These are tips my daughter can use as she completes her senior year and heads off to college the next. I try to abide by these 'rules'. I don't quilt as much as I would like, but when I do, I feel productive.
Thanks for the suggestions, Sherri. I love the accompanying photos too!
Some great tips there! As a professional quilter I have to be fairly organised each day to get through 'the pile'………..I would love to know how you hang your mini quilts in your sewing room?
Helen L says
great tips, and I'm going to refer back to this to help me along. I've got to figure out how to get rid of so many emails!! I unsubscribe, but they somehow find me again!!
Christine N says
Great post! I have really been interested in productivity tools to help me organize my work and life. You've shown how quilting is a natural fit for this because there are so many projects with many, many steps. I like the Getting Things Done book – maybe you would too! Thanks!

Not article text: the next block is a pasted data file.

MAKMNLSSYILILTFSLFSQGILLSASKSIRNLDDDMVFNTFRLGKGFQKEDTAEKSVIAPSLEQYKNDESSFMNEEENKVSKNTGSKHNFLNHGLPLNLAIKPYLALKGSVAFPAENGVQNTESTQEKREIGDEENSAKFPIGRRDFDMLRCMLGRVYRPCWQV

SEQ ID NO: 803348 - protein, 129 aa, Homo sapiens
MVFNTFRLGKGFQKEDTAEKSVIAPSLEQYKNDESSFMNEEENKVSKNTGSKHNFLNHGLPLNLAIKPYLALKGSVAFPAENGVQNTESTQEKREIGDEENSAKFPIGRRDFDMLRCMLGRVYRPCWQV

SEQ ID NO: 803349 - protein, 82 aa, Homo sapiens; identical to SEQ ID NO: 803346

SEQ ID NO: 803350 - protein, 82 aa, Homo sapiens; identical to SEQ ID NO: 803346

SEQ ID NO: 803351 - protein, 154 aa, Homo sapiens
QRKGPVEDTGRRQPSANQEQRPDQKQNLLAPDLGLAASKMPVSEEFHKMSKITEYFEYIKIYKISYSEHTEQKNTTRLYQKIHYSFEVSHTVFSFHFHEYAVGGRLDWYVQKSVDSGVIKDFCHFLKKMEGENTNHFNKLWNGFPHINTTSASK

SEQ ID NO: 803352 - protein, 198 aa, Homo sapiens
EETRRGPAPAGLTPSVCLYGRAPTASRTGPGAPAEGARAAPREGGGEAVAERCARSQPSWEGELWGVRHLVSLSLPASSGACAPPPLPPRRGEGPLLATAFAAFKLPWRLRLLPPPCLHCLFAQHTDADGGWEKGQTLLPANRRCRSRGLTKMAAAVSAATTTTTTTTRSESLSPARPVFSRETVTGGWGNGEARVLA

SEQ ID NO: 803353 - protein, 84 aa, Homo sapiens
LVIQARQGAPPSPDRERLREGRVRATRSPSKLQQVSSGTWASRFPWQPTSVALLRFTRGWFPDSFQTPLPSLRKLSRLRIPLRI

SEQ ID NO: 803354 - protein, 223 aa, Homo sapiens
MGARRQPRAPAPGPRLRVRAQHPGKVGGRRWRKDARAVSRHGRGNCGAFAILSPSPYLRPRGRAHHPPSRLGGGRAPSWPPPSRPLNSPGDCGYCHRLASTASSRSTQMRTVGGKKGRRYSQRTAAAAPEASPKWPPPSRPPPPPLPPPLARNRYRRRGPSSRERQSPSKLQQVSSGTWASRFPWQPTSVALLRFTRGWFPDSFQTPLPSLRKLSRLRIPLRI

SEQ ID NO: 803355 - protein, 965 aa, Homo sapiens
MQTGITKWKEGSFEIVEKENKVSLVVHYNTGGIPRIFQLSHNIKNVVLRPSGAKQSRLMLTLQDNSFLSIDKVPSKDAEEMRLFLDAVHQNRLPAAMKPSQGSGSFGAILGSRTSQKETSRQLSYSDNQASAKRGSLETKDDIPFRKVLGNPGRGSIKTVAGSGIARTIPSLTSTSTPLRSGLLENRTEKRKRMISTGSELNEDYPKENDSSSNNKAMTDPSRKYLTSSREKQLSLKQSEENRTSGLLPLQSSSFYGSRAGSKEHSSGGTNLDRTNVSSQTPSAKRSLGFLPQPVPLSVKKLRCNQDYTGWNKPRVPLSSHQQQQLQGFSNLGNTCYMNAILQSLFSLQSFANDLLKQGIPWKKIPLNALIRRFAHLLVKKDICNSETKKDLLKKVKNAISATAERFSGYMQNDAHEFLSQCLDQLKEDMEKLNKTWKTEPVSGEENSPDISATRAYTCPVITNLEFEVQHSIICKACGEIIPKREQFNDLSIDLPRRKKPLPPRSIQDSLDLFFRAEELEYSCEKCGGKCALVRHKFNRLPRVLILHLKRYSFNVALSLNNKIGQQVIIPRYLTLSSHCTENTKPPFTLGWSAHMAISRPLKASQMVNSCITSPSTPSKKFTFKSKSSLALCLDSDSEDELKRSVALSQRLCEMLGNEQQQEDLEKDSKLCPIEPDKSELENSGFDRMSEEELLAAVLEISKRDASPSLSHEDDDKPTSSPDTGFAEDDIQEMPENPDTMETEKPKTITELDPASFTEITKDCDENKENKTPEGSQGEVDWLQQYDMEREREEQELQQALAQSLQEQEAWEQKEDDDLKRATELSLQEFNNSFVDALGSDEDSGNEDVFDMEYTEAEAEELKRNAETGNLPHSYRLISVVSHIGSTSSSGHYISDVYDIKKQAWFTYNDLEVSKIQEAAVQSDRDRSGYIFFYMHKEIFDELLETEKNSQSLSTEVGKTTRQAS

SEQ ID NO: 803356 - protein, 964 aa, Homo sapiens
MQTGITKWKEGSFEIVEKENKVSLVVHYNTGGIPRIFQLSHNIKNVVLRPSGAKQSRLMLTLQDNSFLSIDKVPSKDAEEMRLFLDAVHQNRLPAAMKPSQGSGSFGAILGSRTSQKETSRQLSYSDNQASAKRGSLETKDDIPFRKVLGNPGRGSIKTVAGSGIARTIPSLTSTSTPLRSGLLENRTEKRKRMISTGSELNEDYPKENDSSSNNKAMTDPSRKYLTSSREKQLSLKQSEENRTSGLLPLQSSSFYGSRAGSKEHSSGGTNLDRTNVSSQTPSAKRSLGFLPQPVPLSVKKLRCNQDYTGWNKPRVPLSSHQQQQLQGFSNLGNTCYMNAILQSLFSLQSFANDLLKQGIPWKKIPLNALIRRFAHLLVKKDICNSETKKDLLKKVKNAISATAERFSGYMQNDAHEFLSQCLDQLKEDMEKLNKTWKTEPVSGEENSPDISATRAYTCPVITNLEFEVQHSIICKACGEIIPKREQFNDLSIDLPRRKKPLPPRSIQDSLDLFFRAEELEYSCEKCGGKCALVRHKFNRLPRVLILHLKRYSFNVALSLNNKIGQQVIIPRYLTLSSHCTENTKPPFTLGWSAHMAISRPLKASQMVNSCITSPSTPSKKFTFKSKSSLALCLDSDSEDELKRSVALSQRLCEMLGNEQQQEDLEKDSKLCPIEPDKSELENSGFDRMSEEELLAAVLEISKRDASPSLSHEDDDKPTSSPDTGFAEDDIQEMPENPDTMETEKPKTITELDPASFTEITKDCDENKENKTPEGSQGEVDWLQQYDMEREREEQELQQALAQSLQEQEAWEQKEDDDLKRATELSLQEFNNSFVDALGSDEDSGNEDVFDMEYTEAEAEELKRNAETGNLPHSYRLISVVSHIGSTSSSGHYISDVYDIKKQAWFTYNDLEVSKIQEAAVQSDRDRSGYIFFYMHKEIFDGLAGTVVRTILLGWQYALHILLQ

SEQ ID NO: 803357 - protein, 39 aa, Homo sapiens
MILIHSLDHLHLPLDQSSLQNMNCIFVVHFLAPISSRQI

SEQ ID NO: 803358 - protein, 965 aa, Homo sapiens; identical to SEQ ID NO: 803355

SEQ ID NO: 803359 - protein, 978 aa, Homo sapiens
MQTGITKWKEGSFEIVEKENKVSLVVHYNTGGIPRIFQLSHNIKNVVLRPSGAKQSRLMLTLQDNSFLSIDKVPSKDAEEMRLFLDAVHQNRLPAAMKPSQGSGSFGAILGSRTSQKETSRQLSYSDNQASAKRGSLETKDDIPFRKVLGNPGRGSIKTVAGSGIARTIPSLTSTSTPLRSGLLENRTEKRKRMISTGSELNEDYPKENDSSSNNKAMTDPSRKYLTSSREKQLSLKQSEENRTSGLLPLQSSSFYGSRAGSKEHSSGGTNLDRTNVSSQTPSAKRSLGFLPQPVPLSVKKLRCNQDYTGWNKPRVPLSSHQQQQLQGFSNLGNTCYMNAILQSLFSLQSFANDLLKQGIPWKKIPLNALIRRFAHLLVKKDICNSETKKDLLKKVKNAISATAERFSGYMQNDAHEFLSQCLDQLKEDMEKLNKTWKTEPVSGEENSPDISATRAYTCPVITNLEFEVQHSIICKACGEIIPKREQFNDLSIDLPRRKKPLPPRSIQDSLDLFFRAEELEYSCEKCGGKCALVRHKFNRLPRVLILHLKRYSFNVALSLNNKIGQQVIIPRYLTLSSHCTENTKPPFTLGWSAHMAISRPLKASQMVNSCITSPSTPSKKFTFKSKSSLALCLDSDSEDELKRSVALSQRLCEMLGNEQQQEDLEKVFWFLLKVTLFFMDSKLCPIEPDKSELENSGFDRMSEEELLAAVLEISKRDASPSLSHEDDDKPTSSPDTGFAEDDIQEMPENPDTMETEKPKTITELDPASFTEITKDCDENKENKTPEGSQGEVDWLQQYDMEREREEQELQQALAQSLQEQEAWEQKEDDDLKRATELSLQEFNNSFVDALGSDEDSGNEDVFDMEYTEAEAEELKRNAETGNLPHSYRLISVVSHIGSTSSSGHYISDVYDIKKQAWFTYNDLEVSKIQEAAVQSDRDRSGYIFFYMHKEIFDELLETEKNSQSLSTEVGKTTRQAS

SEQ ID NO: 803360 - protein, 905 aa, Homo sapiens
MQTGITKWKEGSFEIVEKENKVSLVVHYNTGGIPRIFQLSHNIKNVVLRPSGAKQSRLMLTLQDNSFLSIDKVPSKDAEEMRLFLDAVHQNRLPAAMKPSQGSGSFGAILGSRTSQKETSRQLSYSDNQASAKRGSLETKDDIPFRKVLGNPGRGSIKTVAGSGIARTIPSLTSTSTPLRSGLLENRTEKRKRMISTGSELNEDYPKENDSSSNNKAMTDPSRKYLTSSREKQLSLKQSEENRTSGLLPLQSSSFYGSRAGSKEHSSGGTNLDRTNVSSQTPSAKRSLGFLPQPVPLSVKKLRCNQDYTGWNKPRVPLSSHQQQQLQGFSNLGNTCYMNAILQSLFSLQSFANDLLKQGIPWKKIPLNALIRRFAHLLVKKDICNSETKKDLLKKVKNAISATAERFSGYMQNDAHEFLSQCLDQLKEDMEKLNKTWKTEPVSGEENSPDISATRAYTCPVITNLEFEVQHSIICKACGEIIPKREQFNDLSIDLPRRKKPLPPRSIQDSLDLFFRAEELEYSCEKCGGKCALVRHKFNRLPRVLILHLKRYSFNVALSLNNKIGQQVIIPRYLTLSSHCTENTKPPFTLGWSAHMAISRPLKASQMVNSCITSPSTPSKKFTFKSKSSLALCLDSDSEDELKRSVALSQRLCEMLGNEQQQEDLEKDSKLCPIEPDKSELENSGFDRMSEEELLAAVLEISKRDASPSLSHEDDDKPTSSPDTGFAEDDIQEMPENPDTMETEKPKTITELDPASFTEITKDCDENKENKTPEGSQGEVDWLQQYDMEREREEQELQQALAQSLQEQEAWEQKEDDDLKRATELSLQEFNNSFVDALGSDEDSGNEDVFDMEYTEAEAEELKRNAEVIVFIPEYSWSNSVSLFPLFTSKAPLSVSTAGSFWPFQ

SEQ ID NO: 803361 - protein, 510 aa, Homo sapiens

Jackie Norwood says
Great advise…I really have to block time to get anything done…love your sewing room!
Anne / Springleaf Studios says
Thanks for the tips. It was a perfect time for me to be reading this as I've struggled with actually getting to work lately. Too much time on the computer and not enough at the machine. I need to try the sew first, computer later approach.
Susan-Sharon Passmore says
Great tips! I see several things that I can incorporate into my time management goals. Thank you for sharing.
Mary Smart says
I enjoyed this post very much, and especially #10. It reminded me why I loved making feathered star quilts with sawtooth borders so much 15 years or so ago, when I made 3 of them. A lot of the pleasure of seeing those come together was because I made all of the feathers first (quite a project in itself), then cut everything else out, and lined it all up in stacks. There were too many pieces to consider doing it quickly, but there it all was, ready to go every time I had 5 minutes or 5 hours or any amount of time in between. I could sit down and work on piecing, and I did, until the quilt was together. I had forgotten how well that worked.